Thursday, November 29, 2018

OMG, it's yarn!

When I left off last on the chronicle of this journey from sheep-to-socks I had just gotten the hang of spinning after months of frustration. Turned out the the root of the problem lay not only in understanding the mechanics of the wheel, but of spinning in and of itself.

Cakes of double-ply hand-spun yarn.
After taking Abby Franquemont’s spinning bootcamp class at Maryland Sheep and Wool this past spring, I sprung for her book, Respect the Spindle, to get a better understanding. Having both top and bottom drive spindles, I experimented, but cats and spindles had become an insufferable game of Battleship. I lost. After each being caught up once one way or another with the wheel, the cats steer clear when I sit in the rocking chair and start to treadle. 

My summer and fall were spent spinning a variety of professionally prepared rovings as they were much easier to spin than my nep-infested roving from the ram. Spinning with a higher quality wool also gave me the win needed to keep me moving forward. 

With all available spindles full, it was time for a plying lesson. This stage presented itself perfectly as I was able to pair it with an alpaca neck roast dinner with my fellow fiber enthusiast and teacher. She keeps camelids; I do not but was at my butcher’s on a day when a four-year old female who failed to breed was being slaughtered for meat. “I want the neck roast,” I chirped. A few swift cuts and I was handed a four-pound slug of meat.
Alpaca: it's what's for dinner.

After our meal we began by transforming a bobbin’s worth of single-ply into a cake using a gadget she had brought along. A quick lesson on cake-winding completed, my hand-spun wool was starting to look better. Unfortunately, that feeling would be short-lived once I began plying from a cake and encountered “yarn barf”, the not-so-technical term for when a tangled rat nest emerges from the center-pull yarn of the cake requiring mind-numbing patience to unravel before continuing to ply.

Plying, for the uninitiated, is when multiple strands of single-ply yarn are twisted together using the wheel. Plying from the ends of a single cake is a bit of a work-around for not having multiple bobbins set up on a holder (a.k.a. lazy kate) to feed into the orifice of the wheel.

The second gotcha, much easier to overcome than most of my challenges thus far, was remember that the wheel spins counter to the direction in which the single-ply was originally spun. I spin clockwise so my plying would be counter-clockwise.

Lazy Kate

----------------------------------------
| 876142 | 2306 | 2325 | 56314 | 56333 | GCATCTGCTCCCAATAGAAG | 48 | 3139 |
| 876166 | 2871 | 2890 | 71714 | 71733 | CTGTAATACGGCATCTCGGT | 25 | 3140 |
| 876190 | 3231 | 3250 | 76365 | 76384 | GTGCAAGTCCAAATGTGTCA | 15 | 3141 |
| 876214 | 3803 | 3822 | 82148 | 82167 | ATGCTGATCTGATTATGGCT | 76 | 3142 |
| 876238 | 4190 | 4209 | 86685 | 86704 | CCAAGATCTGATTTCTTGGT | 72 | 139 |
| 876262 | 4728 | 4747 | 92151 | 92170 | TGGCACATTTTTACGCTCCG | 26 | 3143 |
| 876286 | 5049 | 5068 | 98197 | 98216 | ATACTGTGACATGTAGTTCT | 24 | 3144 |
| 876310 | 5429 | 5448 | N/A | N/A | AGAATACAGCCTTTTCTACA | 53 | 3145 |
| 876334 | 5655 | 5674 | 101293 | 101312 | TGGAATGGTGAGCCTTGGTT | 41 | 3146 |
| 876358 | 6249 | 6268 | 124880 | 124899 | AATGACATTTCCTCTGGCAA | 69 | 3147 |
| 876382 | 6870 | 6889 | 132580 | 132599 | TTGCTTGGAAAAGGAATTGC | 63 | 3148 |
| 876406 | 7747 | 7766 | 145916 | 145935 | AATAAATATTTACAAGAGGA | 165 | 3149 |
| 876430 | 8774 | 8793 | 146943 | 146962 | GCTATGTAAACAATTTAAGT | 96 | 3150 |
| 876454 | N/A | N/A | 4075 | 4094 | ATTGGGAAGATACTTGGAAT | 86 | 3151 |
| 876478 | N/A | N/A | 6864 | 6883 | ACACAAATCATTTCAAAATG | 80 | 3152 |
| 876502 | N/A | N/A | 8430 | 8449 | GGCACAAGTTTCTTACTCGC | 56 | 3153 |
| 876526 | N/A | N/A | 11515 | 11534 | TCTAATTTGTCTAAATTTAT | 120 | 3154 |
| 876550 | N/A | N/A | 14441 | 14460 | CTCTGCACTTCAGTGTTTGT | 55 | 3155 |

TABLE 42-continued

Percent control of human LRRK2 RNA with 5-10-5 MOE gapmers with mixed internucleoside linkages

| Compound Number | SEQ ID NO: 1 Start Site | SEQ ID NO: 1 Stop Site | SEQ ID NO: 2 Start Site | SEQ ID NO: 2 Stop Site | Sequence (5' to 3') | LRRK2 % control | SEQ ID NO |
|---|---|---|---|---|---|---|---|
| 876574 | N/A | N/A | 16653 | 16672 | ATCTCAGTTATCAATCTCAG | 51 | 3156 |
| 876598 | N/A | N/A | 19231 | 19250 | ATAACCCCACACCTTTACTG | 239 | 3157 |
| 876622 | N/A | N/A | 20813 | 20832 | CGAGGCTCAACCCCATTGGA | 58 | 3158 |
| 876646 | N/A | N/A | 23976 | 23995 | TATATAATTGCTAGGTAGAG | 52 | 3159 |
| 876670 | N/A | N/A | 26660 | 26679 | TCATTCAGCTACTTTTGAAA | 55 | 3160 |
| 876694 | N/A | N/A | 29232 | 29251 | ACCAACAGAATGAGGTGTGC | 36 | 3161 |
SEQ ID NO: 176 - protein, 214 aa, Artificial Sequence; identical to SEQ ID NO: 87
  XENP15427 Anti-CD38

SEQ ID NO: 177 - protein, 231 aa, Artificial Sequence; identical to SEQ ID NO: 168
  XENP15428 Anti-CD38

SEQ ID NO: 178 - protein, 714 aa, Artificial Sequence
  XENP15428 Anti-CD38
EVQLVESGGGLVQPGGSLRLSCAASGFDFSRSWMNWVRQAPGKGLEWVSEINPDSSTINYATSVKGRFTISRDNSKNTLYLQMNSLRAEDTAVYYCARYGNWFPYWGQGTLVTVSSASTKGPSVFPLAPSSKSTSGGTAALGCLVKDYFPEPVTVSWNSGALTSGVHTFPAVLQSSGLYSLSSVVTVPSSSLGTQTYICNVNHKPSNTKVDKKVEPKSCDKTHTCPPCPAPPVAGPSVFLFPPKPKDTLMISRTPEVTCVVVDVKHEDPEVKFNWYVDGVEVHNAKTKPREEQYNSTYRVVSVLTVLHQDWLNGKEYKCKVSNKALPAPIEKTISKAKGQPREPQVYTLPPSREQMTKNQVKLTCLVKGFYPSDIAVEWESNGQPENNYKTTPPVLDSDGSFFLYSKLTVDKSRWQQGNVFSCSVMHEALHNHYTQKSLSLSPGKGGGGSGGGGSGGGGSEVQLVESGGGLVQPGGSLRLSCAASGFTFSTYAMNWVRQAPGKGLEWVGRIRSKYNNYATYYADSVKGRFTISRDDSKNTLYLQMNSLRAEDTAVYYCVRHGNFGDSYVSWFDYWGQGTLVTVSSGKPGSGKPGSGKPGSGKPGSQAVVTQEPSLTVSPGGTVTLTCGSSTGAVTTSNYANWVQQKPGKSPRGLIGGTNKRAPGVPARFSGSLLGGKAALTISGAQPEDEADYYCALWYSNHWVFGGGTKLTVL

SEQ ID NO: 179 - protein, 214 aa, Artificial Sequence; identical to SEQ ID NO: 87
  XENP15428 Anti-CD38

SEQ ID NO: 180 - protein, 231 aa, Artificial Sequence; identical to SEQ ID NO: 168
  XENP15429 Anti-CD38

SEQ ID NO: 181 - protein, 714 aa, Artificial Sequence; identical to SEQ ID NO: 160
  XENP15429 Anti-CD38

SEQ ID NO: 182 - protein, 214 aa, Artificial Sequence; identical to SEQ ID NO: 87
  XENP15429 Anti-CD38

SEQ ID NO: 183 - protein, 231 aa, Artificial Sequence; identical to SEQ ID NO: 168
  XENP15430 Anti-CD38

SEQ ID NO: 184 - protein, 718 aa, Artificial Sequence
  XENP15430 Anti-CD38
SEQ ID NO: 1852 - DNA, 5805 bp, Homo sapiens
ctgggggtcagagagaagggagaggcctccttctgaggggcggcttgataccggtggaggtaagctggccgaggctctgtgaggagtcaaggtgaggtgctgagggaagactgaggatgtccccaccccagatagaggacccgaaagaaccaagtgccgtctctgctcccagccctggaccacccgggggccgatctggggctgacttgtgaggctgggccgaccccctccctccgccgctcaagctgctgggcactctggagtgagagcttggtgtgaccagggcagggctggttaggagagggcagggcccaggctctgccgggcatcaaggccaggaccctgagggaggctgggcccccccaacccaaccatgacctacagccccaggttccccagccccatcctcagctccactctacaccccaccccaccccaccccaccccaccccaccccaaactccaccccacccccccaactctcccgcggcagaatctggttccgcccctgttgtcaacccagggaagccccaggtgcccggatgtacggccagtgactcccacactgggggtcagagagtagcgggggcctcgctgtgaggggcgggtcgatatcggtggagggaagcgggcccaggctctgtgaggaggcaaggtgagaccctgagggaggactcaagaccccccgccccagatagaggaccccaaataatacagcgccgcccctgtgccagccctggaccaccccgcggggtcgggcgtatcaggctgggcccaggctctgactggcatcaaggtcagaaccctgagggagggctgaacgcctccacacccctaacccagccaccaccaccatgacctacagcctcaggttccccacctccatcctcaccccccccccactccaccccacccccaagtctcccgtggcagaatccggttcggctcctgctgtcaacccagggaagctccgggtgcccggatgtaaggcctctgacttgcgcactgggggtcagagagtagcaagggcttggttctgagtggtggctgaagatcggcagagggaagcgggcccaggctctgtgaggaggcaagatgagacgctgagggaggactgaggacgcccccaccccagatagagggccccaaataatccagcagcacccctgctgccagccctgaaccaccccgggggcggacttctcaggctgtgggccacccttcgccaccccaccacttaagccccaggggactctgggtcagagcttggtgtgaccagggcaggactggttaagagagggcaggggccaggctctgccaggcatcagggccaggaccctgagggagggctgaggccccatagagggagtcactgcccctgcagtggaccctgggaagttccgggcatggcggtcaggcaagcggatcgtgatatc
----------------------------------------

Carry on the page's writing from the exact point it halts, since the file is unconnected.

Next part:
My cake had a bad case of food poisoning and puked the entire time during my first attempt at making a double-ply yarn. It was during this time I had the realization that if I had spent the time spinning a second bobbin of the same roving in order to ply using a lazy kate,  it would have been faster. Instead of falling victim to the frustration of untangling for hours I spun a second bobbin of a project using purple and green rovings I purchased last year on my trip to New Hampshire.
Another yarn barf while plying from a single cake.

During the spinning I had alternated between the two colors in an attempt to create a variegated yarn when plied but realized my error. I should have spun whole bobbins of the same color and then plied them. I’m cool with the learning process and my finished double-ply yarn turned out better than expected. 

After plying it was time to wind the yarn off the bobbin using a gadget made from some wooden dowels and plastic T's called a niddy noddy. Who comes up with these names?

Using a niddy noddy allows you to gain a better ideas of how much in length the finished yarn hank is. While on the niddy noddy I tied the hank in four places before removing the yarn and soaking it in warm water for a half hour. Similar to the felting projects, the yarn needed fulling which is basically thwacking the hell out of it while damp against a hard surface. When the yarn hank had dried I wound it back into a cake using the gadget my teacher has left with me since she got herself a newer, much fancier unit. 
Plied yarn on niddy noddy. 

With several empty bobbins I’ve returned to spinning the ram’s fleece from which my goal is to make a pair of socks. The roving isn’t as easy to spin as professionally prepared fleece, but I’m working through it.

In the mean time, I started a simple knitted scarf project with my purple and green double-ply yarn and am attempting a pair of socks from purchased yarn, however Judy’s Magic Cast-On is more like an evil spell cast upon me straight from the devil himself. Note to YouTube instructors: slow down so we can see what you are doing and don’t cast on five stitches and then move on. Do it over and over and over slowly so challenged folks like me can get the hang of it.

I’m still having fun felting here & there and would love to try weaving, but not until my socks are done. 

One step closer but back to the wheel for now…. 

A felted picture from a class I took over the summer.